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•• Every PR Person Works with a Rob Ford

November 19, 2013

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The Rob Ford debacle has been tremendous fodder for late-night TV hosts.  Despite the sad truth that a man’s addictions and inability to own his issues have caused harm to himself and his family, you have to admit — it’s great TV.

In PR, especially crisis management, many of the things we’ve seen with Rob Ford and the Toronto city council are eerily familiar, though perhaps not on such a grand scale.  And they’re the kind of thing that makes crisis communication a challenge.

1. Refusal to acknowledge the problem.

Just as Rob Ford refused to acknowledge an issue with alcohol and drugs, executives facing a PR challenge are occasionally prone to their own form of denial.  No plan for crisis communication, no chain of command, no training for designated spokespeople to handle issues — all of these can add up to a snowballing issue.

2. Blaming others.

Whether it’s the media, the union, the employees, the consumer watchdogs — it’s always someone else’s fault.   The executive that shifts the blame to others and doesn’t take a portion on his or or her shoulders is going to be a tough person to coach.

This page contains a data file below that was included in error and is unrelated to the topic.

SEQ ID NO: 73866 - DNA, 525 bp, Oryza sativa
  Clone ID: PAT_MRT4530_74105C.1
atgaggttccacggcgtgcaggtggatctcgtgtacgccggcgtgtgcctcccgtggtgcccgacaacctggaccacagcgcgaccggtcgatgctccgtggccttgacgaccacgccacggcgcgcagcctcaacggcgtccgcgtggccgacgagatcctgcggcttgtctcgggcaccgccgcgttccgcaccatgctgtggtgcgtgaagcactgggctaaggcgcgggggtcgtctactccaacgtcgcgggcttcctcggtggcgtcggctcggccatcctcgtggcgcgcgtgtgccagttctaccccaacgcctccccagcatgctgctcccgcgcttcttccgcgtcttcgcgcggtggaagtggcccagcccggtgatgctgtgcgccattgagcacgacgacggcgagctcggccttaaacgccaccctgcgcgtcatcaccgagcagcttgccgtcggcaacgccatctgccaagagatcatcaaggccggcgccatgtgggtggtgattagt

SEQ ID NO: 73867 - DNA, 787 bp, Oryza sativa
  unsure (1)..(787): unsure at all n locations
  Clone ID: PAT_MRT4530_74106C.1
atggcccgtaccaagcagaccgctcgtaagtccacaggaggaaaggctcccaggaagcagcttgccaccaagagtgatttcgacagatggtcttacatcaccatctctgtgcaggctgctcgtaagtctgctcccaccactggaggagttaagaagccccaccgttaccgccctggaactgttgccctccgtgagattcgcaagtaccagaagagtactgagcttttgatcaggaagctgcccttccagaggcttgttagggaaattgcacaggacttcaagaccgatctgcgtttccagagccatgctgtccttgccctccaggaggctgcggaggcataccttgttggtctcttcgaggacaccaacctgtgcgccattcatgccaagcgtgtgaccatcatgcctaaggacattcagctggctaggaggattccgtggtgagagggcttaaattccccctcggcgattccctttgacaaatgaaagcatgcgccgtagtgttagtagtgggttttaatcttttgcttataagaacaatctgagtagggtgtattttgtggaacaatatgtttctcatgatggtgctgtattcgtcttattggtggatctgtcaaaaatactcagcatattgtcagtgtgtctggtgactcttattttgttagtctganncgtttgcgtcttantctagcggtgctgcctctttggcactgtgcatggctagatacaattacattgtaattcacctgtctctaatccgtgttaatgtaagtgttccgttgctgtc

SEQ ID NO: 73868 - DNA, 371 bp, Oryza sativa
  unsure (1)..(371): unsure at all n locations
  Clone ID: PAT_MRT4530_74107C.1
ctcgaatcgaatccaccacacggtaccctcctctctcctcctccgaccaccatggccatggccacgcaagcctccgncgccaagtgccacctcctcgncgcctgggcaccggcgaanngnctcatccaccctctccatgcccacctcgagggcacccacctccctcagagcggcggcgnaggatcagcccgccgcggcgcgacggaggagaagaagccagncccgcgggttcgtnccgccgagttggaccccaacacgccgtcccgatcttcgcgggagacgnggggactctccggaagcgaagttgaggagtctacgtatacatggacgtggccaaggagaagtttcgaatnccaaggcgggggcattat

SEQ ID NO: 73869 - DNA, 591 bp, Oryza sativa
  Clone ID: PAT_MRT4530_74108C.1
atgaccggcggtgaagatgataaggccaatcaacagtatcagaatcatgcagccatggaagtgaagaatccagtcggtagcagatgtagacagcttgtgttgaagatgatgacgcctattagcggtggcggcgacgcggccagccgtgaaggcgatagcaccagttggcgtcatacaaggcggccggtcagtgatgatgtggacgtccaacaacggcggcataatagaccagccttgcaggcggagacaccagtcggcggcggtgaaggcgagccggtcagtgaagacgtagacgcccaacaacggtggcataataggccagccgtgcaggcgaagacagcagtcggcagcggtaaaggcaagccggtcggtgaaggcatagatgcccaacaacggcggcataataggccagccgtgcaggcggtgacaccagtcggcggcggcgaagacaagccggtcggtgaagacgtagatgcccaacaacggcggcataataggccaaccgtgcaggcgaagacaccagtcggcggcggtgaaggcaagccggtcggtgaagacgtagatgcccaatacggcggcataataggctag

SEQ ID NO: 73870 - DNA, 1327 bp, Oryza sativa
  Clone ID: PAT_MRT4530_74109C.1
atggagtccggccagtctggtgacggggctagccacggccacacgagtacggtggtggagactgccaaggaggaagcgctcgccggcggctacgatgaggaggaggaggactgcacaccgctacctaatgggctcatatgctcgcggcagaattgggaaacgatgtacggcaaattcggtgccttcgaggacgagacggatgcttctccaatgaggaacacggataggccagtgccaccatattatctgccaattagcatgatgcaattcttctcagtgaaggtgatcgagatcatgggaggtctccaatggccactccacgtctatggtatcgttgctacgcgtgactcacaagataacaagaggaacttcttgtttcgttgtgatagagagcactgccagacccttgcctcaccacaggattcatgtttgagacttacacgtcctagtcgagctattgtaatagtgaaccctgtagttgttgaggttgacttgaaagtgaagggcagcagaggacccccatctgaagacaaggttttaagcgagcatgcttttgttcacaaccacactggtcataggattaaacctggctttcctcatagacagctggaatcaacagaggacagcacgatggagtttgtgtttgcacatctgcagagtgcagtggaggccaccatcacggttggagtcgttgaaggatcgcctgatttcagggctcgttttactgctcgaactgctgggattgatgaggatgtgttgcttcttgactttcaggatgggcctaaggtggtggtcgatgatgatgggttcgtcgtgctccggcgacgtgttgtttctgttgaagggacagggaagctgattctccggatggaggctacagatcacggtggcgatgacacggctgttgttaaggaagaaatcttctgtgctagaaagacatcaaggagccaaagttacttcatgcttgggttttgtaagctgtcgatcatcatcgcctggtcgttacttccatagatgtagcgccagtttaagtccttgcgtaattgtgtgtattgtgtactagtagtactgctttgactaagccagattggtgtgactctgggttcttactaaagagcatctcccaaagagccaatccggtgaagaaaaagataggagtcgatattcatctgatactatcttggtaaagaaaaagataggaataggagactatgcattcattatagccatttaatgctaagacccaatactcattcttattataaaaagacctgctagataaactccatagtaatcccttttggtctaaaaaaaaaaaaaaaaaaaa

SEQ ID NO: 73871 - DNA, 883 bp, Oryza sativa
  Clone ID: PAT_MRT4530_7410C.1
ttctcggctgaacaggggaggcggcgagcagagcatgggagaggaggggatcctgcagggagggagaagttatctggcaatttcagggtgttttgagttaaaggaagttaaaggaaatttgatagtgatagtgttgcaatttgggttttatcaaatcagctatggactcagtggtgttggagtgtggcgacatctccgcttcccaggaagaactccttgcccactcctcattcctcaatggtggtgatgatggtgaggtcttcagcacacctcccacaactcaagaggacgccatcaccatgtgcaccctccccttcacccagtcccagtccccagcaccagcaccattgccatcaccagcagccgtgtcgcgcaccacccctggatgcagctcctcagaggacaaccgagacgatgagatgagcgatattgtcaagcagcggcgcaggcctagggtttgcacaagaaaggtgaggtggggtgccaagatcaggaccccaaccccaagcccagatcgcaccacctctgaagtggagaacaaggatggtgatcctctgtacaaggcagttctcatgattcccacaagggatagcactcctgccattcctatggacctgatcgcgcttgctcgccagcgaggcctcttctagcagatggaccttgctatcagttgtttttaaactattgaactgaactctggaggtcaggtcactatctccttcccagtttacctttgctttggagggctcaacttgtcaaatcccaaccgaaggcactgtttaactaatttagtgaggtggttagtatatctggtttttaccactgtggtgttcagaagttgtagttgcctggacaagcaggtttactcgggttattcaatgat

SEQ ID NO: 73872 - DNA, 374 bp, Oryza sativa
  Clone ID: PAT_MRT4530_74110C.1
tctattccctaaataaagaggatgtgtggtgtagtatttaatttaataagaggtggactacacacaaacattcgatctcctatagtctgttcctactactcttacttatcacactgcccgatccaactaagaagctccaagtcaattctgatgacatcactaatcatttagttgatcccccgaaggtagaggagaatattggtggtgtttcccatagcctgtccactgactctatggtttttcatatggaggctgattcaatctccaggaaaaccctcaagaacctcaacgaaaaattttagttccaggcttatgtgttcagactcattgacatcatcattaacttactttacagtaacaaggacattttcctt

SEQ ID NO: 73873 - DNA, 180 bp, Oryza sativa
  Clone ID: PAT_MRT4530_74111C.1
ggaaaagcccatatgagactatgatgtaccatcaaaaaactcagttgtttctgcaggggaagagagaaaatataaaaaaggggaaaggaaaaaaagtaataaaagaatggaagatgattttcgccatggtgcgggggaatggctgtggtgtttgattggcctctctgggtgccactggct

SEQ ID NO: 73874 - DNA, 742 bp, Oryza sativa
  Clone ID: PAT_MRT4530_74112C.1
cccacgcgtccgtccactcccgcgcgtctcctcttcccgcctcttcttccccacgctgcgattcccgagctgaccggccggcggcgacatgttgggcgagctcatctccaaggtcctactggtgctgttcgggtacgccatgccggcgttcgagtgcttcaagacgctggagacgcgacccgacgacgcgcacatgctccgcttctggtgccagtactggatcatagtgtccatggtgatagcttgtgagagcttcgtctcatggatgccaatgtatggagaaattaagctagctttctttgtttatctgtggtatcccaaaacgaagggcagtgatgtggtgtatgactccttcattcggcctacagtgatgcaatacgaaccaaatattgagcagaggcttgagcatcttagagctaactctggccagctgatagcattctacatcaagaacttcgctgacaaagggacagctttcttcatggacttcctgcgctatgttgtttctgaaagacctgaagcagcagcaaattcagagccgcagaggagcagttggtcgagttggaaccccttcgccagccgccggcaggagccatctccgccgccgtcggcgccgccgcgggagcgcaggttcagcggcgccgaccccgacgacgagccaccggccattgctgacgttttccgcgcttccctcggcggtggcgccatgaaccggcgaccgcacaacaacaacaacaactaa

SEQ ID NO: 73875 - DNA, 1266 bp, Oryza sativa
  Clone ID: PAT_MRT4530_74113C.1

3.  Not apologizing.

In crisis, sometimes the most important thing you can do is say you’re sorry.

4.  Inappropriate comments.

You hear them in the meeting, you hope they don’t come out on camera.  Training a loose cannon to guard their tongue is no small feat.

5. Temper, temper!

Emotional spokespeople, or those who lash out under pressure, are ticking time bombs in media interviews.  In high-stake media, or sensationalistic interviews, reporters and producers are looking for those kinds of emotional reactions to undermine the spokesperson.  And if your spokesperson loses their cool, you can bet it will end up as the story.

6. Insisting on the spotlight.

If your potential spokesperson has any of the above traits — the best course of action is of course to find another spokesperson.  But sometimes, the buck stops at your spokesperson’s door, however risky it is.  A solid media training — including video feedback at the scene– is key to making a case for another spokesperson or demonstrating how various behaviors are seen on camera.

The good news is, for every potential spokesperson that is problematic, are 100 spokespeople who truly want to do a good job.

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